Pre-winter switchgrass harvest produces better ethanol yields

September 22, 2018 |

In Michigan, researchers from Michigan Technological University, University of Tennessee, University of Wisconsin-Madison and Michigan State University are looking at Wisconsin switchgrass to better understand the costs and benefits to harvesting at various points in the season. Comparing data from samples collected every two to three weeks from the switchgrass fields against biofuel yield data from each site, Ong discovered that as the crop aged past senescence, the point at which plants begin to go dormant for the winter, ethanol yields from the harvested crop became more efficient rather than less so.

“Most of the time people say ‘harvest early, get the highest conversions,’ but no one has taken it through fermentation to see what the microbes do in the process,” said Rebecca Ong, assistant professor of chemical engineering. “Previously, people had been saying ‘Well, you can harvest any time. Earlier is better [for processing], but you can really harvest any time.’ And what we’re finding is that this may not be true. So, you may have a more limited harvest window than we were expecting.”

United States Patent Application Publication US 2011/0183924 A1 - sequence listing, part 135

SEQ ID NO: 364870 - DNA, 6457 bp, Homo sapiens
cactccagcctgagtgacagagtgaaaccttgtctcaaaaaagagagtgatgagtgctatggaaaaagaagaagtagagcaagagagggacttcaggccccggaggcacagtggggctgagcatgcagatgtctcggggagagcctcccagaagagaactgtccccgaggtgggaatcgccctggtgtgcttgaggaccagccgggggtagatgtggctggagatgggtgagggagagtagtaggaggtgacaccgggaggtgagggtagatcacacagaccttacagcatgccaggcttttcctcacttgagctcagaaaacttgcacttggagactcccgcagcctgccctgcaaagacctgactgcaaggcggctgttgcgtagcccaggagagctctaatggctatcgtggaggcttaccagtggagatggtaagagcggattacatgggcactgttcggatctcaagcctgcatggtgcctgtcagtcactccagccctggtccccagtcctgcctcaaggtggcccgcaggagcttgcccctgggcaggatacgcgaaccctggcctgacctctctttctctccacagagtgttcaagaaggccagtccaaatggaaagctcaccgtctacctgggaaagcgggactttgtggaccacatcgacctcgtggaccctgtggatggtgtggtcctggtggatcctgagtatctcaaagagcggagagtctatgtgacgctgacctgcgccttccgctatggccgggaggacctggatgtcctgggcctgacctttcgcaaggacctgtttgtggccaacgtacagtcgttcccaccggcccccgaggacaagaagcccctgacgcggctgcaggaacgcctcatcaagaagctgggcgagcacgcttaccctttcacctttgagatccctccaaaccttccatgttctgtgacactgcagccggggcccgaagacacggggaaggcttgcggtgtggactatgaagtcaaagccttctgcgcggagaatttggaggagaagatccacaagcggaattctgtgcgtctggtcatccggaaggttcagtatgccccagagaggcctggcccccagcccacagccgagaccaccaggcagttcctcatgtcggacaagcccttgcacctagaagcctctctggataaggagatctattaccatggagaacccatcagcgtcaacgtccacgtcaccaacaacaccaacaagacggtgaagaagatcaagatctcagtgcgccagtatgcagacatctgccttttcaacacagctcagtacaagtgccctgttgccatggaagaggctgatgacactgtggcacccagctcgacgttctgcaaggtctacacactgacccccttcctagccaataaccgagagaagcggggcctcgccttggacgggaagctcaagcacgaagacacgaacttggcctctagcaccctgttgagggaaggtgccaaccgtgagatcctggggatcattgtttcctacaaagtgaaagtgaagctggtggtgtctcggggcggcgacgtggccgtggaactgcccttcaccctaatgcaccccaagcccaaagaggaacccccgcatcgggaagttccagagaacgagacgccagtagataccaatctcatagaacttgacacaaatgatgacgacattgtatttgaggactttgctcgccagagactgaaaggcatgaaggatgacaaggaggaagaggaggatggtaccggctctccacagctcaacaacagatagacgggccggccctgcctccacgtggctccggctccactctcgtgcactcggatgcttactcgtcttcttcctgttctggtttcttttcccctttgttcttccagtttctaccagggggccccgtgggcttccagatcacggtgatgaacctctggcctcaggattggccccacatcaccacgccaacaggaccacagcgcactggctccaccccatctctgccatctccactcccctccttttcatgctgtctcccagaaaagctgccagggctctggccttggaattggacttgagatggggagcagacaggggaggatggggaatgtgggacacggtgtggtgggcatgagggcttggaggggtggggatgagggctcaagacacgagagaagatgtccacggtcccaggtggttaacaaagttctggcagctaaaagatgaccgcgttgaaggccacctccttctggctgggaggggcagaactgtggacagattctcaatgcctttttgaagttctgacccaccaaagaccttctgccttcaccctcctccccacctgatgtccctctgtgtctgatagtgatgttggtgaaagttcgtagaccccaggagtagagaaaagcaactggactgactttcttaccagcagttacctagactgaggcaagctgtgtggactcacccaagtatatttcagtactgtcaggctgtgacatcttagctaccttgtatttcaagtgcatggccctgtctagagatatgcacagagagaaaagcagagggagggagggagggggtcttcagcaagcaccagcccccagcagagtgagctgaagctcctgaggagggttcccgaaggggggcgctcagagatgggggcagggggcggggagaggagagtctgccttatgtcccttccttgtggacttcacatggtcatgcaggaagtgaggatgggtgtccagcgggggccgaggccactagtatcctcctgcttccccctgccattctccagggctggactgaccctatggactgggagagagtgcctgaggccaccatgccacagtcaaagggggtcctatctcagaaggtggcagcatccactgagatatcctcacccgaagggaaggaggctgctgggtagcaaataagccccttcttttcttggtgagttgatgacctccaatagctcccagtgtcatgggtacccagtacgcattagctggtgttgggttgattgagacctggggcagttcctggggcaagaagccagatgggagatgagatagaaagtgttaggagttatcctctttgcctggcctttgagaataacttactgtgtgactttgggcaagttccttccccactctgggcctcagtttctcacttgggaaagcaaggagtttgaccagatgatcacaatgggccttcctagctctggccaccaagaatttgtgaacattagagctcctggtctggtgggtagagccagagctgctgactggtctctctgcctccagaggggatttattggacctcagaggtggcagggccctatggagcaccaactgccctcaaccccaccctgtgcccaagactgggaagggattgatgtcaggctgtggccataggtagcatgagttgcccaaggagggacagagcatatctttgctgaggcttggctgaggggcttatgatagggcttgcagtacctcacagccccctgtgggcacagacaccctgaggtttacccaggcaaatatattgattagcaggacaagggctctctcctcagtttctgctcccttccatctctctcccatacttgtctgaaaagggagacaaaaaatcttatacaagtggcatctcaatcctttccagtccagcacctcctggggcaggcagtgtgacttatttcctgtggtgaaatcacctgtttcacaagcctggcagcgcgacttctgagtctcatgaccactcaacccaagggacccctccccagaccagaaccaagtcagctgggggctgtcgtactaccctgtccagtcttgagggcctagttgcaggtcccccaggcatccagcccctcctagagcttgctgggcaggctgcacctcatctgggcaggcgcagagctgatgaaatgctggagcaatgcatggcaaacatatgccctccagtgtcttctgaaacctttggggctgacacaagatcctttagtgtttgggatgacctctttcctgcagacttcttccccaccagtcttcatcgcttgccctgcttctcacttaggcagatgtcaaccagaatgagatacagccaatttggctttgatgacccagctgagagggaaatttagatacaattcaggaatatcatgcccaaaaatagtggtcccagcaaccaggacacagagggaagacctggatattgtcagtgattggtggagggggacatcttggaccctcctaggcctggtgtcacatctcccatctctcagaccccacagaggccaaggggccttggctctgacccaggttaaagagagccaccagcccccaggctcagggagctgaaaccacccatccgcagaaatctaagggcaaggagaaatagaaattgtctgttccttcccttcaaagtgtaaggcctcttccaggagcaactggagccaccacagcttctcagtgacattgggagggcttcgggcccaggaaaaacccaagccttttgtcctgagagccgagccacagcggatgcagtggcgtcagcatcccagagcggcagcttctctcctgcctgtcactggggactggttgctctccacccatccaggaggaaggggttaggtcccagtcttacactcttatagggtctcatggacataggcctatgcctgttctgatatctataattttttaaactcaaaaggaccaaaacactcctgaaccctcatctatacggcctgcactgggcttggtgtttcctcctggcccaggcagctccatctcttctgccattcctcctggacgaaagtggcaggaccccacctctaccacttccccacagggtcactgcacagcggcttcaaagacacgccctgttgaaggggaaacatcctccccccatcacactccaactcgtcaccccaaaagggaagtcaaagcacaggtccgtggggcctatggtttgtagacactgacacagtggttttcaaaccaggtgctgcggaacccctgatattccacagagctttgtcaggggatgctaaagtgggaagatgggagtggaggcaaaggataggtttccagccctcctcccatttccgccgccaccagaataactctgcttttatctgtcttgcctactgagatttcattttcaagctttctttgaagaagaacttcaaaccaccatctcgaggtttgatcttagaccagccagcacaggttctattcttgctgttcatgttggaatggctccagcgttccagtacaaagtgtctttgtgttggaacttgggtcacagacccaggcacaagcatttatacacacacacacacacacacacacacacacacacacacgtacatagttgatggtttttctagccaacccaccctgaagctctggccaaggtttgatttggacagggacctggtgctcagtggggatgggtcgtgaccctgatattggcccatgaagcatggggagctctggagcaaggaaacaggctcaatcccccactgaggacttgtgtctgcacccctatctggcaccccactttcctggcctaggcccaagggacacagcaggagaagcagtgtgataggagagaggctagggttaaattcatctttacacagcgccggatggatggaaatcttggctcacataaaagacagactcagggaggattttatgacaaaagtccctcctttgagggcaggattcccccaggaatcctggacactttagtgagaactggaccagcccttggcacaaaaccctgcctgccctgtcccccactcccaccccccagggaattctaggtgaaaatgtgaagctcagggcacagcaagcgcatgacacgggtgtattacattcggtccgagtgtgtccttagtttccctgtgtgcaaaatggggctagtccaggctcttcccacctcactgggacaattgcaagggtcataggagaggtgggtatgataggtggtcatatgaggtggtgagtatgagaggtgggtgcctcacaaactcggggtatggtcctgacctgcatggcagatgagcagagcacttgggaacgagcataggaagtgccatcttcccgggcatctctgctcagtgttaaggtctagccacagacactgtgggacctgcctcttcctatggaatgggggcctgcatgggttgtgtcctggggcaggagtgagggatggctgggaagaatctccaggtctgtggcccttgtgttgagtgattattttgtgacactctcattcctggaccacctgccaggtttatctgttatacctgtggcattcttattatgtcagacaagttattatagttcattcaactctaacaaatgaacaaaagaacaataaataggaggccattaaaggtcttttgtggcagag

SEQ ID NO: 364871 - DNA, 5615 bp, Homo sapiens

The work is part of the Great Lakes Bioenergy Research Center.


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Category: Research

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